Just like all religions after the Sumerians, only the elite, king, or priests would actually get to read the religion once it was written. The Sumerians started their language with symbols to keep tabs on trade of fish, cattle, and crops. Later, the symbols expanded to describe battle victories, where the first mentions of their gods can be found. Eventually, they laid out their religion on the famous Sumerian clay tablets.

The Sumerians wrote that the gods were the creators of the universe, depicted as kings and rulers. The gods were the ultimate rulers of the universe and all of mankind, the law above law, as religious people still believe today. This lie is why the religious override real laws and follow the book’s laws, ancient man’s laws. Following ancient laws makes people do crazy evil things, like blowing up a crowd of innocent people in the name of their god.

The Sumerians claimed the gods existed before the universe. They claimed a mother gave birth to Earth, later plagiarized and twisted by the Egyptians. That’s why we still say Mother Earth today.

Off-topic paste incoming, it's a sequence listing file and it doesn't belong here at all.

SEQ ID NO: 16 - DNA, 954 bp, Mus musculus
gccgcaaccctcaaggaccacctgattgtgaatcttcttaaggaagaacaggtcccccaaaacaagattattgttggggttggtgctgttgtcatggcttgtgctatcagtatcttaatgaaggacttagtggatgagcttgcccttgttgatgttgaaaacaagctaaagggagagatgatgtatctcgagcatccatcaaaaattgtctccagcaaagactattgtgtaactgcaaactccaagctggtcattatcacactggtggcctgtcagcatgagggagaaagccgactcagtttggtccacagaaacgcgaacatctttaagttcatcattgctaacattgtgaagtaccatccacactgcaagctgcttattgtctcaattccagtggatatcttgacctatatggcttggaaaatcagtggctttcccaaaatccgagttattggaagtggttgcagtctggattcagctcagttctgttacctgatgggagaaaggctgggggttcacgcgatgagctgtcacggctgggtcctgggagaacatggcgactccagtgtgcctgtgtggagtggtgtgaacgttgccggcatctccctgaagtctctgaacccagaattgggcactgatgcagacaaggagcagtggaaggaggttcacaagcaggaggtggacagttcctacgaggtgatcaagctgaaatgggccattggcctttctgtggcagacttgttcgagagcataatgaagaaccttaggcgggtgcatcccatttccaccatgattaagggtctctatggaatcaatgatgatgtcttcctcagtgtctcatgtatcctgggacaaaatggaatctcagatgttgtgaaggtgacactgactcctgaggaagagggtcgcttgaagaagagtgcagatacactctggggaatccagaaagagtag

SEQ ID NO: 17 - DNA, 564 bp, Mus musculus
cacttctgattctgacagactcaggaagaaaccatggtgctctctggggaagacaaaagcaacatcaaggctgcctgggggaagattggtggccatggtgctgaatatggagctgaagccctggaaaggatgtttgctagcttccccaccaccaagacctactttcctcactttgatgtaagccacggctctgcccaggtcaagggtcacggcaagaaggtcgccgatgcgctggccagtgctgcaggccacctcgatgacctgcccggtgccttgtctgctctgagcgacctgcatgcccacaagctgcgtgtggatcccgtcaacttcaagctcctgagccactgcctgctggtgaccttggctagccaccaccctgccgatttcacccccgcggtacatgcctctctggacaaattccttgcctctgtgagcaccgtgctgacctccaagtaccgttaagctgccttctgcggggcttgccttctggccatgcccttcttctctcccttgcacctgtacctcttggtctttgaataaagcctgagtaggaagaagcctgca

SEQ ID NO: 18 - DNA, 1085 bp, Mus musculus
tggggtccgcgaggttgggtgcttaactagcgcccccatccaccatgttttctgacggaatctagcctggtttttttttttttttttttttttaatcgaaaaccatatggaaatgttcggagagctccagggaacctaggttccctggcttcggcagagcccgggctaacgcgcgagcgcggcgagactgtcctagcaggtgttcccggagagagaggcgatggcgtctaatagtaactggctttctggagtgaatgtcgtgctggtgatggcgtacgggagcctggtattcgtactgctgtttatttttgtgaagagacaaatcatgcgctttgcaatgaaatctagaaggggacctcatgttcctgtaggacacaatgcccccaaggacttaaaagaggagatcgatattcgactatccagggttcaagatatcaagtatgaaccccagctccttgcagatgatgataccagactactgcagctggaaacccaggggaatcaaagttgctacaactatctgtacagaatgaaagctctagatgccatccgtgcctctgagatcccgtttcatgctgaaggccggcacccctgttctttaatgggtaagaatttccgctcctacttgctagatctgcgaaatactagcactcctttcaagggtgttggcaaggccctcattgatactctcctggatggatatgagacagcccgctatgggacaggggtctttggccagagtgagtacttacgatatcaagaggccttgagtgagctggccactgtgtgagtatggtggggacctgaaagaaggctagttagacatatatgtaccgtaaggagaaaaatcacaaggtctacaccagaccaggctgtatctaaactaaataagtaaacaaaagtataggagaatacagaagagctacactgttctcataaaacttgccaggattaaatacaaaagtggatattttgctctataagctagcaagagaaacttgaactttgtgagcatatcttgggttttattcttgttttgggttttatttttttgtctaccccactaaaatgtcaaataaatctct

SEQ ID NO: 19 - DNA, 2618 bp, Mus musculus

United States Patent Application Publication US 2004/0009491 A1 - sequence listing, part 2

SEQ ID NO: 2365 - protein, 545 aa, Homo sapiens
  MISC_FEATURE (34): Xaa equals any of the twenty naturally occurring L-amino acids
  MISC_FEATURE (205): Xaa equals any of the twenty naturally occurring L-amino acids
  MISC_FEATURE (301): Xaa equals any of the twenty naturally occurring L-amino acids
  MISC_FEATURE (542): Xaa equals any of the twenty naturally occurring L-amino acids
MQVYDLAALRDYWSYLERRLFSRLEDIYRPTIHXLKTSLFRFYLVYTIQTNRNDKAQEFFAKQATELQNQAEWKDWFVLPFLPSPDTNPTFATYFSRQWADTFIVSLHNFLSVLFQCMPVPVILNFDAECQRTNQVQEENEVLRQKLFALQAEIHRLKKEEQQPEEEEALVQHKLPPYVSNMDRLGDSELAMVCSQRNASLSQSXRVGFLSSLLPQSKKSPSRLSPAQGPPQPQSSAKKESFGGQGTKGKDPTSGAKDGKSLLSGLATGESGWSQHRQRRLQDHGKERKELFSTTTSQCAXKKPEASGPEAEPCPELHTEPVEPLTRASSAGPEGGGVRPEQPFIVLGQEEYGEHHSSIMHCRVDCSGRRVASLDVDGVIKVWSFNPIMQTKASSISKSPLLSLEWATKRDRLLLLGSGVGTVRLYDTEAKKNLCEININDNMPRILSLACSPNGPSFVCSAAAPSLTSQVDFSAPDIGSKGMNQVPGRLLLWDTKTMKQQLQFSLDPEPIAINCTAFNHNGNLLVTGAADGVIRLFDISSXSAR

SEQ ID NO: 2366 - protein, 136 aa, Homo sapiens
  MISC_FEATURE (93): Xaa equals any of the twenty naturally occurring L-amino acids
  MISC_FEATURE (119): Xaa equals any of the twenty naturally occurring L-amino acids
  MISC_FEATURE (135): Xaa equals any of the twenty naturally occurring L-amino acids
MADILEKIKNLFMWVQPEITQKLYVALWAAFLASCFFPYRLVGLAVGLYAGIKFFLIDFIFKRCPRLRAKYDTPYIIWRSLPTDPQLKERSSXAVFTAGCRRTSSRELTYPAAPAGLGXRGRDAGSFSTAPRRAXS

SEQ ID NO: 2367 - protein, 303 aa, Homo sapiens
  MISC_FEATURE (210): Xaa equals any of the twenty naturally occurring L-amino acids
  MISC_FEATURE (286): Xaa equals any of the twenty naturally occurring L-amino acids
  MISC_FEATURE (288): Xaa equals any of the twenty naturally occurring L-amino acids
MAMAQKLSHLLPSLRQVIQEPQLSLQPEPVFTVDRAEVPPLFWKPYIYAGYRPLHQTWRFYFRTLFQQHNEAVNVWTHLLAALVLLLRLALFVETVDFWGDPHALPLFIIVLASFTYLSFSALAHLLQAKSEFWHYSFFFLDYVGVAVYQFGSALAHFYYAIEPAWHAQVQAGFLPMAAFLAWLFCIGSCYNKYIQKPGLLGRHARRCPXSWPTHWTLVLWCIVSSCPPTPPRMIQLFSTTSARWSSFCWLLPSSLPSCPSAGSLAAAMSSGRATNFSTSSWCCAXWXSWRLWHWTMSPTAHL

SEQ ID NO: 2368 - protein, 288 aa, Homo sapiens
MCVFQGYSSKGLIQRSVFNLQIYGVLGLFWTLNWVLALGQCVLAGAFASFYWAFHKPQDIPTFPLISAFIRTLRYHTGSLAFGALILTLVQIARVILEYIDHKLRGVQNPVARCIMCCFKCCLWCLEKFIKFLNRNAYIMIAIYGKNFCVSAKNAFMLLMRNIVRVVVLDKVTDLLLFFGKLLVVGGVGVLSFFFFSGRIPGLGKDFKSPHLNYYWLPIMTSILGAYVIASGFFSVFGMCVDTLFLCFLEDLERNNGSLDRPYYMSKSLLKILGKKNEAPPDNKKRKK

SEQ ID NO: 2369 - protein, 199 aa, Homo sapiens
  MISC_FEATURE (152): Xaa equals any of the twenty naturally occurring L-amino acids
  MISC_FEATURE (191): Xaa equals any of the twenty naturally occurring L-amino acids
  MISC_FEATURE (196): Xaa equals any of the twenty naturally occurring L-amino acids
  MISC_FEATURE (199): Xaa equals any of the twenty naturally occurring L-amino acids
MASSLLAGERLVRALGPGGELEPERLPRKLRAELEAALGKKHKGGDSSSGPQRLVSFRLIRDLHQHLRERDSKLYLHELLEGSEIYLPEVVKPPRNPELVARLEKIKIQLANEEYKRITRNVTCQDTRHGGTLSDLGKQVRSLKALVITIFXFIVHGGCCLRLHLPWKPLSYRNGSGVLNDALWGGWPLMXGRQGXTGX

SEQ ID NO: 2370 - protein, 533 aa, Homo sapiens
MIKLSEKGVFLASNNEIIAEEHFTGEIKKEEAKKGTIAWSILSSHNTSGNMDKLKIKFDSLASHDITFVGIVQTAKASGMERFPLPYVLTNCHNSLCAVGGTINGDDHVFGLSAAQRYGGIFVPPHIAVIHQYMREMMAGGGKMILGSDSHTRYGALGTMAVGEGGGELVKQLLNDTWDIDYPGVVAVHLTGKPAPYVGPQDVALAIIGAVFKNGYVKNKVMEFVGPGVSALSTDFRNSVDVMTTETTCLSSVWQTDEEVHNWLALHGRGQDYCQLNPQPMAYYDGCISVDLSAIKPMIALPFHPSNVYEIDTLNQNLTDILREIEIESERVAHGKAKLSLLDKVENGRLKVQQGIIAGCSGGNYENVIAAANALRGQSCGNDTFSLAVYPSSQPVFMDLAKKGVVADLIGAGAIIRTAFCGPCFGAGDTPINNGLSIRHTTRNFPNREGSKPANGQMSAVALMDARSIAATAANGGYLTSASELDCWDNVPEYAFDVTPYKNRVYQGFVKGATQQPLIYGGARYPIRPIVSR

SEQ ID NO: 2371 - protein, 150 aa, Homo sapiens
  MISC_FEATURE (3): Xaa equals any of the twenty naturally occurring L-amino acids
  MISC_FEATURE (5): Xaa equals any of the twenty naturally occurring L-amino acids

The Sumerians were the first to show a long bloodline of gods before their main god. Other religions did that too, like the Bible with Jesus’ fake bloodline and the Egyptians with their line of kings, proven to be made up. The Sumerian king’s bloodline was obviously a lie too, with some kings living thousands of years. All of religion is a lie, so why not make up a king that lived for 32,000 years?

The Sumerians were the first to come up with a creation story. They even had the Garden of Eden located where the two rivers meet, like the Bible claims. The Sumerians believed the Earth was the center of the universe, and their city, Babylon, was the center of the Earth. That’s why Christian priests were so sure Earth was the center of the galaxy, and the sun went around the Earth – their blind ego came from the Sumerians.